Step 2: Allocate funds to your tax reserve using one of these methods.
- If you think business will relatively be the same and you know your tax liability for last year divide it by 9 months (or 12 if you want to push it into next year) and that is how much you need to have in reserves. Treat this like an actual bill and transfer that amount to your account.
- Not sure where your business will be at, the Profit First system recommends 15% of your real revenue. That is a BIG step to take if you have been doing 0% so use baby steps. Start with 3% or even 5% and adjust each month. This allocation is going to come off the TOP before you pay your other expenses. To be successful this gets priority right after you pay yourself.
- Pay estimated taxes – your tax professional can help you create these and normally they are paid quarterly. I find this is too long and too big of an amount for some businesses. IRS doesn’t care how often you pay them, just that you do. Break it down to monthly and ask your tax professional for more coupons or set-up the payments via EFT.
Step 3: Get a tax projection – The only real solution for not having an unexpected tax bill is to have regular conversations with your tax professional. If you don’t have a tax professional that you can have these kinds of conversations with, then it’s time to make that change. Here is a post on that subject.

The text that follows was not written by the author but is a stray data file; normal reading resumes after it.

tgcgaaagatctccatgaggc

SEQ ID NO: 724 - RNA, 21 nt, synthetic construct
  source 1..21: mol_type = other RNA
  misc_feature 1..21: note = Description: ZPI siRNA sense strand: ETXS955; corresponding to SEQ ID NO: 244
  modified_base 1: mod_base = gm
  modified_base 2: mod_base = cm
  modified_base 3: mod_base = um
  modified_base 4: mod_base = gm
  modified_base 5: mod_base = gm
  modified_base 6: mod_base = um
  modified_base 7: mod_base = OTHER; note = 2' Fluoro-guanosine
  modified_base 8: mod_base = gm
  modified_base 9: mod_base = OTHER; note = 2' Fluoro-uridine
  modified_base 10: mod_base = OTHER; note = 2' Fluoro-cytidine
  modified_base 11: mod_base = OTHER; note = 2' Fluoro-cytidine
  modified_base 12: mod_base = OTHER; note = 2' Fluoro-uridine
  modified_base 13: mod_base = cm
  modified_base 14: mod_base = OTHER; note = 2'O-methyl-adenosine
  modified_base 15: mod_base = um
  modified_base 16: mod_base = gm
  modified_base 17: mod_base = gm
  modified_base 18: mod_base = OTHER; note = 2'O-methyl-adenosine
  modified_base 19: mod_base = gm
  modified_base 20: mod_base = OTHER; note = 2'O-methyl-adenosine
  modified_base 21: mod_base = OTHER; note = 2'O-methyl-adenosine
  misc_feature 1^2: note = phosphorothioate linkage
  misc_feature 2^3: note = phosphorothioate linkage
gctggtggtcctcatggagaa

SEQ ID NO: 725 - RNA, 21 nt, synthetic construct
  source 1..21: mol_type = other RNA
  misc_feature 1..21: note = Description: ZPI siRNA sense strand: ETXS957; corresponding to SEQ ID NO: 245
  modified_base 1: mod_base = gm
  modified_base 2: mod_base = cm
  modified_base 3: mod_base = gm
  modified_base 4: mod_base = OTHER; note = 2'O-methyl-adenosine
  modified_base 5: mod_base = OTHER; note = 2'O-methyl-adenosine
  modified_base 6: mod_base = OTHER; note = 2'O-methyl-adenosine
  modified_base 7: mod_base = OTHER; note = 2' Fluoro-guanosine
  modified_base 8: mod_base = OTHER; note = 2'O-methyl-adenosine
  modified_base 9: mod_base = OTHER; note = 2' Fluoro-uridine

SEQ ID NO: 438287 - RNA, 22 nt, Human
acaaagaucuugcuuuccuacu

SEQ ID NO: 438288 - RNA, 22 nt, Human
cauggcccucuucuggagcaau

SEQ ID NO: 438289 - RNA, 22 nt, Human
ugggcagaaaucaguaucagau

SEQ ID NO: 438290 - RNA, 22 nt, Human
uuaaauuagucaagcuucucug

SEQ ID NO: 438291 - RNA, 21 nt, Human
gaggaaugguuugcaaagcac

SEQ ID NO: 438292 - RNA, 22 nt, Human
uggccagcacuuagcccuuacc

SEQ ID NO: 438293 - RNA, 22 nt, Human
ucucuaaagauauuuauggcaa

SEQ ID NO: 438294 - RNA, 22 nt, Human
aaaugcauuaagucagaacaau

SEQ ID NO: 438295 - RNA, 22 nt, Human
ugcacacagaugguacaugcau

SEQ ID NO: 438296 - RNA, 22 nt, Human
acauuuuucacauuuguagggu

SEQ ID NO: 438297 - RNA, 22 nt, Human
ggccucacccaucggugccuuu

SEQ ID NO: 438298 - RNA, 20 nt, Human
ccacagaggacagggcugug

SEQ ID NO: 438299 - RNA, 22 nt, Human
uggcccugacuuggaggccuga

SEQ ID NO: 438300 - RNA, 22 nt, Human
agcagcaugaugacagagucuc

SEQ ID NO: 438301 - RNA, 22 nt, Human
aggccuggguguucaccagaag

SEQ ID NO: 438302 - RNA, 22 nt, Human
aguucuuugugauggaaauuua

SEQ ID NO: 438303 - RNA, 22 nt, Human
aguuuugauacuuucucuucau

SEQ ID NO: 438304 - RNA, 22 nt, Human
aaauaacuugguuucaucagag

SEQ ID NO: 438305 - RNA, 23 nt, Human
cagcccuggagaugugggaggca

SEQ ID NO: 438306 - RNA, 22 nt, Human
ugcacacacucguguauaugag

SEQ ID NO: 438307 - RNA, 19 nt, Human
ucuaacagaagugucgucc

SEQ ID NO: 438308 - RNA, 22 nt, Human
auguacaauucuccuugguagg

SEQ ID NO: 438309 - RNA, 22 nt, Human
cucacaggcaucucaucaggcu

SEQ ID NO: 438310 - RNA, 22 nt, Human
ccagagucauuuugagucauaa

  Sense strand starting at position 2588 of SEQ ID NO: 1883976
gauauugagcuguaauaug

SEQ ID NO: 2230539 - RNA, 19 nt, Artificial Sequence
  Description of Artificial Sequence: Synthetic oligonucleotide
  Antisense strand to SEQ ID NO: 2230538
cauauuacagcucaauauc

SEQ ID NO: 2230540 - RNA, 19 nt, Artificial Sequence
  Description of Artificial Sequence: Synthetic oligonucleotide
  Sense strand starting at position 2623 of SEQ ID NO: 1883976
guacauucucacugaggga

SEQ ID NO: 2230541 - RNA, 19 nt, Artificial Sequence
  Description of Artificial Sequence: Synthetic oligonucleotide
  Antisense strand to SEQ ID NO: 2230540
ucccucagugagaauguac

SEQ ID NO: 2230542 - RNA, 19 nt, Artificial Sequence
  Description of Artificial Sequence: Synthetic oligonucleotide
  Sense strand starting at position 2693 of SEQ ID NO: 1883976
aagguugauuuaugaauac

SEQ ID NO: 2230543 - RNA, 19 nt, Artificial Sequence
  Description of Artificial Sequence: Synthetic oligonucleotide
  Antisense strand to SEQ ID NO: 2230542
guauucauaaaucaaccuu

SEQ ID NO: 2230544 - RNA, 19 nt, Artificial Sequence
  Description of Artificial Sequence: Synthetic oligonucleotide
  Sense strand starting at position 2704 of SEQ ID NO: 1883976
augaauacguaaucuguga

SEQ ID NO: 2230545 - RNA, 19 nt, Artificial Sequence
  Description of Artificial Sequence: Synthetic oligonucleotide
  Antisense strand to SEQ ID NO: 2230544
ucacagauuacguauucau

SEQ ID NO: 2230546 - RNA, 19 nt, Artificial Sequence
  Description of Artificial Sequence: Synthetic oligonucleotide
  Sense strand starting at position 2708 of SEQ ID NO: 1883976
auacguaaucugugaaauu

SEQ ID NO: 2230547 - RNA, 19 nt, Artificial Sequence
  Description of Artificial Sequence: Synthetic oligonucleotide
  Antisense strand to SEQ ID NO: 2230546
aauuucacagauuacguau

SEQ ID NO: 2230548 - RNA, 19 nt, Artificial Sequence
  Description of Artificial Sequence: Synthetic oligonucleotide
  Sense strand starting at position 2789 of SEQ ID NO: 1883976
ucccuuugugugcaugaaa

- Schedule a current year planning session and review some of the items above
- Schedule a tax planning in Sept/Oct/Nov so you have enough time to adjust your tax liability savings
- Connect with them when anything MAJOR changes.
As with most questions I get, check your mindset around this issue. If you think it will be hard, it will be. If you think it will be easy, then you look for ways to make it so. The same goes for that mindset that may indicate you don’t have the skill set or aren’t a numbers person. To measure the success of your business, you need to look at the numbers. So if you want to have a successful business that supports you, then you need to check that mindset at the door.
As always, my suggestions were tested out on myself first and fine tuned before I ever use them to guide others. Do any of these bring up resistance or ah-ha’s? Share them with me or schedule a consultation to discuss these items, or anything accounting, further. You can get that process started by visiting our consultation page, here.